In fact, I’m sitting here in my bathrobe at 4 a.m. writing this blog post, connecting with you on my terms, at my time. It works both ways since you are reading this at your convenience, on your terms — and maybe in your jammies, too. The freedom and control is undeniable.

No matter if you are a ballerina who can stand en pointe or your soul does a dance from a chair … we can all fly free here, expressing ourselves online.

For a time, I thought my internet MS social circle was all I needed for support. Then I had an opportunity to be a patient speaker for Novartis, sharing my Gilenya experience with others. Interacting with group after group of MSers around the country, I was honored to meet new people, all so different from me, yet we all have MS as a common denominator.

That face-to-face connection allowed me to hear the inflection in their voices, read the emotion in their eyes–something the internet has yet to replace.

I am no longer a speaker for the drug, but I was so moved by that experience that I started a support group in my county. I was hoping to bring that personal connection to those in my community who are living with MS. So, I have come full circle and realize interacting in person is still an important piece of the social puzzle. Nothing can take the place of a real hug from someone else who “gets it”. No amount of emoticons can compare.

But when you live in the sticks, or your condition makes it hard to get out, the MSers of today have something we didn’t have–back in my day–people who know exactly what you’re going through and they’re only a keyboard away. The internet is full of support.

Sometimes I wonder what Dad would think of us connecting on the internet. I’m fairly certain that if he began his reply with “Back in my day” it would probably end with “I couldn’t have imagined anything as empowering as this.”

References:

http://www.gilenyaandme.com/

http://www.healthline.com/health-slideshow/multiple-sclerosis-support-groups#1

*Jeri Burtchell was diagnosed with multiple sclerosis in 1999. She has spoken from a patient perspective at conferences around the country, addressing social media and the role it plays in designing clinical trials. Jeri is a MS blogger, patient activist, and freelance writer for the MS News Beat of Healthline.com. She lives in northeast Florida with her youngest son and elderly mother. When not writing or speaking, she enjoys crafting and photography.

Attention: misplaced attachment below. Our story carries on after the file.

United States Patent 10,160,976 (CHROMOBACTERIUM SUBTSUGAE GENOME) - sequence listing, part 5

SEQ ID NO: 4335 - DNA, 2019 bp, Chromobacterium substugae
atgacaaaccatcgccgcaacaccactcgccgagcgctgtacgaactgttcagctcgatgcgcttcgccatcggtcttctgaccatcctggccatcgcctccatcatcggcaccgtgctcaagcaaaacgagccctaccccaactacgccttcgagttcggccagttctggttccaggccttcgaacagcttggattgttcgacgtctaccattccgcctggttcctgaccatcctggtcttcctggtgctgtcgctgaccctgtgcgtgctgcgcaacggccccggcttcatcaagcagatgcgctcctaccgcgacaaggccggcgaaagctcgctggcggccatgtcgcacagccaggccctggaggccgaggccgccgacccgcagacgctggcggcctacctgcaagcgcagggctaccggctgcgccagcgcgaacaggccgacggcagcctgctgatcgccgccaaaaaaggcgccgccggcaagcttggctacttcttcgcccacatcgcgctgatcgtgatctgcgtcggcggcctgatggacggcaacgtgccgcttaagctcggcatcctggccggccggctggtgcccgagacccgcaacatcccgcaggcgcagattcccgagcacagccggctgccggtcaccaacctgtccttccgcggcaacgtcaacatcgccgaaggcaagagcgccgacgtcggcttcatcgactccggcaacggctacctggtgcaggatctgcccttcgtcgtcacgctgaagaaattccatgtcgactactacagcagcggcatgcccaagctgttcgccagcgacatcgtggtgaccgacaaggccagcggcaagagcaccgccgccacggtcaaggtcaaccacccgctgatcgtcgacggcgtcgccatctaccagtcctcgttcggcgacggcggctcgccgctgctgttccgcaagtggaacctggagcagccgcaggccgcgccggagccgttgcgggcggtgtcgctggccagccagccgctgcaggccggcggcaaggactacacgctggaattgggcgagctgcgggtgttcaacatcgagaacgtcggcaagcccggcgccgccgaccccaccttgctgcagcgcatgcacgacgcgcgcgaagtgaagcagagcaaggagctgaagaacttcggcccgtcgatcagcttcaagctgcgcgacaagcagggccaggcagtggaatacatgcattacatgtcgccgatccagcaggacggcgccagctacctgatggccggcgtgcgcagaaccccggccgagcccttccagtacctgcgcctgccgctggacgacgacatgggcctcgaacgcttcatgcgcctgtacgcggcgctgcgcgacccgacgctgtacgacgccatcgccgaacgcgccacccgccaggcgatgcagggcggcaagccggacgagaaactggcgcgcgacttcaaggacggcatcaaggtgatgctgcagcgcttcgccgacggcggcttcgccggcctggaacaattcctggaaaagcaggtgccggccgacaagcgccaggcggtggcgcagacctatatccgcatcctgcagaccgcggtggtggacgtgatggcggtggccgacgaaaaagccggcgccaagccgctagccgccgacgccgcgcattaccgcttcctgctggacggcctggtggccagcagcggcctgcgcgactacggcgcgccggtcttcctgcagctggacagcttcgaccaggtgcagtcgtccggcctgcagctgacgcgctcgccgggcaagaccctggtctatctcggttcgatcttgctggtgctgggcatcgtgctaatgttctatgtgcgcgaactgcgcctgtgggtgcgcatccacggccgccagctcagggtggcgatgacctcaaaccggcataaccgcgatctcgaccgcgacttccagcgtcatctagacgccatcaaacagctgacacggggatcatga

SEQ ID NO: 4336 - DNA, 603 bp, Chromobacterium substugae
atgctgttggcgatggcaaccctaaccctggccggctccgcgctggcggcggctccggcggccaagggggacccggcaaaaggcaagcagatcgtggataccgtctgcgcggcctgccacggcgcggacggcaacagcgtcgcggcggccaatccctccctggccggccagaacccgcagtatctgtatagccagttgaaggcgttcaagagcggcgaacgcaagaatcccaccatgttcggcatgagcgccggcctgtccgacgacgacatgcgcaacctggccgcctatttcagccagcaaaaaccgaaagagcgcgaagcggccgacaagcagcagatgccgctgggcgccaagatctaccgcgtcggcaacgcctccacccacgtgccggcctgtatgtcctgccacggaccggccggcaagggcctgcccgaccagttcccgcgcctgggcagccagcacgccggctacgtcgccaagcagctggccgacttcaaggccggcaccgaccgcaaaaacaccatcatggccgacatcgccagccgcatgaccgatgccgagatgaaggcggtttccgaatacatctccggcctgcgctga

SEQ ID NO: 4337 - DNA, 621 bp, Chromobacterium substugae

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What are your plans? Support the MS community this Monday

By Kimberly Goodrich, Senior Director of Development

Getting through the obligations of the Holiday season can be taxing. Sometimes it seemsMLK Day with logo
as if every waking moment is scheduled with items to do or places to be. As we ease into the New Year, it’s nice to take a day to slow down, breathe, and do something that feels good rather than simply crossing things off my To Do list.

Despite the busyness of the holidays, I like to take a little time around now to reflect on how grateful I am for the opportunity to be with family and friends. Current research asserts there are numerous health benefits related to gratitude. Taking time on a regular basis to list the things you are grateful for yields better sleep, improved health outcomes and higher overall satisfaction with life. And it’s easier than pushups!

This brings us to Monday.

mlkday200x200On Monday we will celebrate the spirit and generosity of Martin Luther King, Jr. In 1994, Congress declared the Martin Luther King, Jr. Holiday as a day of service. Dr. King believed we all had a duty to serve others and that through our collective actions, social problems could be solved. Rather than taking the day off, we are encouraged to find ways, big or small, that we can give, benefitting our community and spreading gratitude.

 

What are your plans for this day of service?

Keep in mind that not all service requires a great deal of time or money. Kindness can fill a need as easily as dollars. There are many ways to volunteer or serve:
MLK Day infographic